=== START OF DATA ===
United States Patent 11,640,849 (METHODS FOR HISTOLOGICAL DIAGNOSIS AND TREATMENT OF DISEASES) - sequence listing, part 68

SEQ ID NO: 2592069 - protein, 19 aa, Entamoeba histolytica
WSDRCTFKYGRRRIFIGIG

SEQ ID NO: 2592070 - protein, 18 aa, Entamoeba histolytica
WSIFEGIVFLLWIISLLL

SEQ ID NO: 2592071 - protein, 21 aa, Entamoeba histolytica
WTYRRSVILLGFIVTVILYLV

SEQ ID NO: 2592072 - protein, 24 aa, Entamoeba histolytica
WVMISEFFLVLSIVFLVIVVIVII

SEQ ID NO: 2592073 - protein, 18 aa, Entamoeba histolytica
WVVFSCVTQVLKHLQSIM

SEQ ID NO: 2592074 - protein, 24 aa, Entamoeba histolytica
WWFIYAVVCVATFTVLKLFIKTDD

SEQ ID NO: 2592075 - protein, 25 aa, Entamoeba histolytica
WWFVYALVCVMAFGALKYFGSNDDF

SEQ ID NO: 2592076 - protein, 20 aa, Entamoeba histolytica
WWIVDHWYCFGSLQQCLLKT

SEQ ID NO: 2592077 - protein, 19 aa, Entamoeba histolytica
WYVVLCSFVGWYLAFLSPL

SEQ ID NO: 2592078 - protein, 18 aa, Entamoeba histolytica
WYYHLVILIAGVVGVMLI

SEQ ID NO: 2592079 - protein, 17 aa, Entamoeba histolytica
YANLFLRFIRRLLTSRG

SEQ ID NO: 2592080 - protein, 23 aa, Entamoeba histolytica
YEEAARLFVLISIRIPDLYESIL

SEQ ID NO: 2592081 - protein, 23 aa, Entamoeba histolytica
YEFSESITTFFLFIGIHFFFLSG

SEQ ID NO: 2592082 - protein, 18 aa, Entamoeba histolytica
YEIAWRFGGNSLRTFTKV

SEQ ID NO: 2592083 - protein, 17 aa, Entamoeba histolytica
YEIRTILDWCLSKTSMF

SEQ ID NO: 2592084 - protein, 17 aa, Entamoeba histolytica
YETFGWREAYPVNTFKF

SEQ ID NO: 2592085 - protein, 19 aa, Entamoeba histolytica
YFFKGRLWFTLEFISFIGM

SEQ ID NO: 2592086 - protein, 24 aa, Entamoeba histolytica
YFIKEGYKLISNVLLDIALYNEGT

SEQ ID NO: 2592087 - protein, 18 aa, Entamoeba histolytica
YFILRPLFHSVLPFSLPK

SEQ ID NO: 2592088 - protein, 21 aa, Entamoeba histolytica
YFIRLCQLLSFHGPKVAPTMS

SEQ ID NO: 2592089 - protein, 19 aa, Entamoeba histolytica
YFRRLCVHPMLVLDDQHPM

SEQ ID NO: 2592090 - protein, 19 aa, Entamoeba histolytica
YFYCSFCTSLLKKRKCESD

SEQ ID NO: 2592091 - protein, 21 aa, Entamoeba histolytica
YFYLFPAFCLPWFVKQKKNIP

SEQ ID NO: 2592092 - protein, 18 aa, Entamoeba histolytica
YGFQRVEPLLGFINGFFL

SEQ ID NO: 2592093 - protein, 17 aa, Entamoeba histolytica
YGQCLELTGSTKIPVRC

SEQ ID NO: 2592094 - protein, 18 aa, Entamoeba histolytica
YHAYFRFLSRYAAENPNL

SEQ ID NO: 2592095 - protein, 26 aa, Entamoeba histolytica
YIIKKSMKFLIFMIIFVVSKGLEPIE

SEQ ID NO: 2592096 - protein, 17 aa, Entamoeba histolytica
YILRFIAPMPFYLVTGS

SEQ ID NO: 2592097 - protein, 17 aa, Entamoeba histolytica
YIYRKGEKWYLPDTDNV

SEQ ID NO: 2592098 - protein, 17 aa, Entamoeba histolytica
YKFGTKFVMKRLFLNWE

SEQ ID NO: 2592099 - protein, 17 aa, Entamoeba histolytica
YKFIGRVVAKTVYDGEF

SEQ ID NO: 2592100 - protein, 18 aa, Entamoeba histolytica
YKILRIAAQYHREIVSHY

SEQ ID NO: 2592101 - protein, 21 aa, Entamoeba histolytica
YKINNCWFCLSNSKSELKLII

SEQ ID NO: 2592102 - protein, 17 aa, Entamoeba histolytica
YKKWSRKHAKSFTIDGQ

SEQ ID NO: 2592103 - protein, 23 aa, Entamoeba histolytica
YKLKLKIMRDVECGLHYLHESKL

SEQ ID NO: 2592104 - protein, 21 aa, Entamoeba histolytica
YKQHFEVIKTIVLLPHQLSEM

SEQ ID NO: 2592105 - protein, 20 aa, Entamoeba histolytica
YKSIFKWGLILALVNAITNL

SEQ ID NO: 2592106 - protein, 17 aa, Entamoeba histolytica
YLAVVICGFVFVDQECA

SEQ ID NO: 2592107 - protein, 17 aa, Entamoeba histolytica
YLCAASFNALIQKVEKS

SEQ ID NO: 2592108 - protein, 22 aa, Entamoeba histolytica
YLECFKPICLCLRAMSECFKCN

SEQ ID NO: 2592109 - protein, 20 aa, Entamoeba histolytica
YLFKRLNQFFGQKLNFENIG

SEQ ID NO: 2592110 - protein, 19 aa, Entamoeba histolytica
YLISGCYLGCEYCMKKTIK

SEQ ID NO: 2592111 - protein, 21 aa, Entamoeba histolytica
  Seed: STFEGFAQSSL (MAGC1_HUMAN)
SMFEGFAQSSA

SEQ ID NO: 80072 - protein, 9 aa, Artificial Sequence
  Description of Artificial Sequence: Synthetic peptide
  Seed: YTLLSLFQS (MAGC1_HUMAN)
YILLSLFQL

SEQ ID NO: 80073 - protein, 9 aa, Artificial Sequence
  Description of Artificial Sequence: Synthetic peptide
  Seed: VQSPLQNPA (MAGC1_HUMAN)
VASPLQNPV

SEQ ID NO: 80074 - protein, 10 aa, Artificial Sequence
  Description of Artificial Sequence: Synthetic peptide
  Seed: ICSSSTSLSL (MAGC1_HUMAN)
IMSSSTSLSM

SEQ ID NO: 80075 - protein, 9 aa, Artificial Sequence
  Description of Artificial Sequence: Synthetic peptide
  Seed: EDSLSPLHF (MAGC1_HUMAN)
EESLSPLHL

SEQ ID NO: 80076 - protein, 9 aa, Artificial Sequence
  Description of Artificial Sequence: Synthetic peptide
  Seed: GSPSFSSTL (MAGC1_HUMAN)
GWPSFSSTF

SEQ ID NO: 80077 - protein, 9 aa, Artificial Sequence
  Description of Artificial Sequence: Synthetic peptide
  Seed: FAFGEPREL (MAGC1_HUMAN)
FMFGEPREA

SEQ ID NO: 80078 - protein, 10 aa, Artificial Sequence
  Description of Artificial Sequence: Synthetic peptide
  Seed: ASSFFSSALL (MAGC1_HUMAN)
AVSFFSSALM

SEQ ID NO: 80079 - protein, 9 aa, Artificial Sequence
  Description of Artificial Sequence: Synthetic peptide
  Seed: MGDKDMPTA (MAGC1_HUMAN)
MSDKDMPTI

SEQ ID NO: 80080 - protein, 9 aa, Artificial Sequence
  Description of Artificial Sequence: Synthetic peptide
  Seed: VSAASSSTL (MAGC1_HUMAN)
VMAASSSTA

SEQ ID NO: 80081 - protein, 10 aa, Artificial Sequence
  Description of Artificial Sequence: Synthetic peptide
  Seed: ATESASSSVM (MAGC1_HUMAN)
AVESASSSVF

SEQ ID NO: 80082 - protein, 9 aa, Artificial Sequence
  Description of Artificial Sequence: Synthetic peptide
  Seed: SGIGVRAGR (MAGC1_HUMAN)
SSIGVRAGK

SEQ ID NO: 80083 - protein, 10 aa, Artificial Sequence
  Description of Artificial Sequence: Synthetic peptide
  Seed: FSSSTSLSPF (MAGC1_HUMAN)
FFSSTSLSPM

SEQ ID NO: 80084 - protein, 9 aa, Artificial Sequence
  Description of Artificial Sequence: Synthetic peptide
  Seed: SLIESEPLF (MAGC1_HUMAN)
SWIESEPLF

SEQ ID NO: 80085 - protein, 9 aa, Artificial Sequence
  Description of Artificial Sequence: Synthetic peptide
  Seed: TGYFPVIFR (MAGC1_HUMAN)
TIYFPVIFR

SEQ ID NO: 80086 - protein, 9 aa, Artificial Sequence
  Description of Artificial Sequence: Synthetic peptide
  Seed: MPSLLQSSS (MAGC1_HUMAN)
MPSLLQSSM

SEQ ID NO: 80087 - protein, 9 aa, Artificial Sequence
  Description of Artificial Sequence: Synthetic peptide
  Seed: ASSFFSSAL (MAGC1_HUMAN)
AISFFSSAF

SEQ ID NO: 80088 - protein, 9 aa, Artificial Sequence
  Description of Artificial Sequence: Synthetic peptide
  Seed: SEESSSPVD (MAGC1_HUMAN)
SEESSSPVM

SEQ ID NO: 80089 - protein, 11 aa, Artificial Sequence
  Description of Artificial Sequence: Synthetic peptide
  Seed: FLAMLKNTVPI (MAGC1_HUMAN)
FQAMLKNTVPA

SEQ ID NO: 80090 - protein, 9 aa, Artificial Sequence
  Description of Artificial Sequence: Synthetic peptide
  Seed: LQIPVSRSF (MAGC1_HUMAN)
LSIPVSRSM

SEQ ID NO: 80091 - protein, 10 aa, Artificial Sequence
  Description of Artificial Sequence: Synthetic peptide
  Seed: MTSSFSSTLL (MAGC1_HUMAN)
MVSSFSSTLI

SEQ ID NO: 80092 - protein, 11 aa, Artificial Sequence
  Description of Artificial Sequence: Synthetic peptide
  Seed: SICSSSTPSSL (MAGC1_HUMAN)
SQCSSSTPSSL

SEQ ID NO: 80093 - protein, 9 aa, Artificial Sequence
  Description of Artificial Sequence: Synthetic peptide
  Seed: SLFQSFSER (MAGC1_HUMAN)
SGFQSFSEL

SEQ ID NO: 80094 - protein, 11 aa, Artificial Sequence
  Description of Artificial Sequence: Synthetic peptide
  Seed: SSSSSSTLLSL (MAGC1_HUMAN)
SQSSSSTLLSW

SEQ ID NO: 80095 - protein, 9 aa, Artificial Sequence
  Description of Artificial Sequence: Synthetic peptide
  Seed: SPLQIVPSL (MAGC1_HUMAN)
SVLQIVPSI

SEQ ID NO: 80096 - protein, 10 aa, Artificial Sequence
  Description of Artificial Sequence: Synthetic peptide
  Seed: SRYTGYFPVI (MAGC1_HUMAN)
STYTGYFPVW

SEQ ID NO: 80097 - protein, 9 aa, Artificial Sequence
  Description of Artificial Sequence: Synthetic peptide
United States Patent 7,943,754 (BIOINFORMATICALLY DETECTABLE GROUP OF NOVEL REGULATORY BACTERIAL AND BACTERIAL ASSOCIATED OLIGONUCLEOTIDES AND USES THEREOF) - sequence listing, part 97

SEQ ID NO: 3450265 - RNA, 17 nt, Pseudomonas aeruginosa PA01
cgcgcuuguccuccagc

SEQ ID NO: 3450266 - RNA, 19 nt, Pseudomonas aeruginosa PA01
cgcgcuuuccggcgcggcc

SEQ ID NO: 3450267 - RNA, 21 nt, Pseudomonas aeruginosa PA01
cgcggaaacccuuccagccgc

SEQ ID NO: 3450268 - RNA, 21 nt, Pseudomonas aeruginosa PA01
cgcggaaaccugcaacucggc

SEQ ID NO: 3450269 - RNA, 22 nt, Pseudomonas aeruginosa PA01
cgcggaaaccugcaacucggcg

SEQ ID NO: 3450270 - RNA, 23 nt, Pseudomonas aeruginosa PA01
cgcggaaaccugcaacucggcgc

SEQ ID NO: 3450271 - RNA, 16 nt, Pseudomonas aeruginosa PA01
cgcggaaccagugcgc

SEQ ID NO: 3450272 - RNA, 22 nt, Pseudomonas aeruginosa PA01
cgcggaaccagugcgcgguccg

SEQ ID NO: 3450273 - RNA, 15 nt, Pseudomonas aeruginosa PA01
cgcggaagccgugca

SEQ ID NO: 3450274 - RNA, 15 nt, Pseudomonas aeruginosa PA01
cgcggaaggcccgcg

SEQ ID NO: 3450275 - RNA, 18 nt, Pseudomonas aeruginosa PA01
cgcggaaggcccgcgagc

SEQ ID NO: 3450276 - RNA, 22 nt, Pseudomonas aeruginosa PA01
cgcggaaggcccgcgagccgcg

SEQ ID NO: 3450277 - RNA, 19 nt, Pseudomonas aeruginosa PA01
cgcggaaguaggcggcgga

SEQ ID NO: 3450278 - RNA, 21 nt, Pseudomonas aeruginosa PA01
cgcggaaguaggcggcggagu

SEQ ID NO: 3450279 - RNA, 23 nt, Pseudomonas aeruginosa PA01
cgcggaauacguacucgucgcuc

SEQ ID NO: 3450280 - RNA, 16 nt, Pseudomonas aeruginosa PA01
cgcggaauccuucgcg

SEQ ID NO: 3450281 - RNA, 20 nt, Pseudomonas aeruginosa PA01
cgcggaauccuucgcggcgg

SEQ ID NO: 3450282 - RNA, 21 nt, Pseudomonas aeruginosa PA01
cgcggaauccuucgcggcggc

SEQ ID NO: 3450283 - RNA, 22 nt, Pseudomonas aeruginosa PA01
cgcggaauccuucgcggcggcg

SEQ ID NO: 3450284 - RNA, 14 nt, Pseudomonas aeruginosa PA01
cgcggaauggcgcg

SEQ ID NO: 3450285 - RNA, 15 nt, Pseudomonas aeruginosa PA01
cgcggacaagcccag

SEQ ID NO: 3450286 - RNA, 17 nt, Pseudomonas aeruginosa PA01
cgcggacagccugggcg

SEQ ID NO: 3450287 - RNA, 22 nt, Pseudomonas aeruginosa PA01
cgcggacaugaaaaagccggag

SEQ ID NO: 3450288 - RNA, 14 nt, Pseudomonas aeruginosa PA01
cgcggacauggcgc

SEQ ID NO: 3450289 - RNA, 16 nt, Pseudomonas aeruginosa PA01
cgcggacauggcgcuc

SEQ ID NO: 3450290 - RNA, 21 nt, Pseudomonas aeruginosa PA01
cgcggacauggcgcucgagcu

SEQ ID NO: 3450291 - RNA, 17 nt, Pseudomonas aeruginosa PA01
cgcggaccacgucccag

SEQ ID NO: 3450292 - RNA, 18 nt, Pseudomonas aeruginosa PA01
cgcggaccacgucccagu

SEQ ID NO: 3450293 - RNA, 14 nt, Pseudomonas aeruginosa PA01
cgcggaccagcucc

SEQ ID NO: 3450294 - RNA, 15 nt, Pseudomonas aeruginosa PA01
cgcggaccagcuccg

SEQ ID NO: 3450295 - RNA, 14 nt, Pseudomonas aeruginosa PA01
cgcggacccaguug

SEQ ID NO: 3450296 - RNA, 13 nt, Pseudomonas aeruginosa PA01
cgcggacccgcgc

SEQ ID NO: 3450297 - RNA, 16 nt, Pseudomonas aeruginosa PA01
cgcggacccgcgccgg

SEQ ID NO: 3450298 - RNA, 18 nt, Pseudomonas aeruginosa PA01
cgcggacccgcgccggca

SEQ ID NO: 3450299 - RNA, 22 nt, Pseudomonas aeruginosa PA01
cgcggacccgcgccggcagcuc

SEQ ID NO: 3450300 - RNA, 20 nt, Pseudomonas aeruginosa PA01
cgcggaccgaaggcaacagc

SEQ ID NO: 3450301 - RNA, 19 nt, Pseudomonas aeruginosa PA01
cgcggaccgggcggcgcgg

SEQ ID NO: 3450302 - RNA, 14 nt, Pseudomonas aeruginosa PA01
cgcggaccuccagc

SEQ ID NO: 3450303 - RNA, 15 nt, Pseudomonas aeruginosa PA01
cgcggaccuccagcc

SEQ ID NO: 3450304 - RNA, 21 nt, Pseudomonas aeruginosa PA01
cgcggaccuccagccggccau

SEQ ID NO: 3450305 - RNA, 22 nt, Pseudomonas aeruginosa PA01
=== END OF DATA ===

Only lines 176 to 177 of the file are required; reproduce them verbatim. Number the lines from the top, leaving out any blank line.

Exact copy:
SGFQSFSEL

SEQ ID NO: 80094 - protein, 11 aa, Artificial Sequence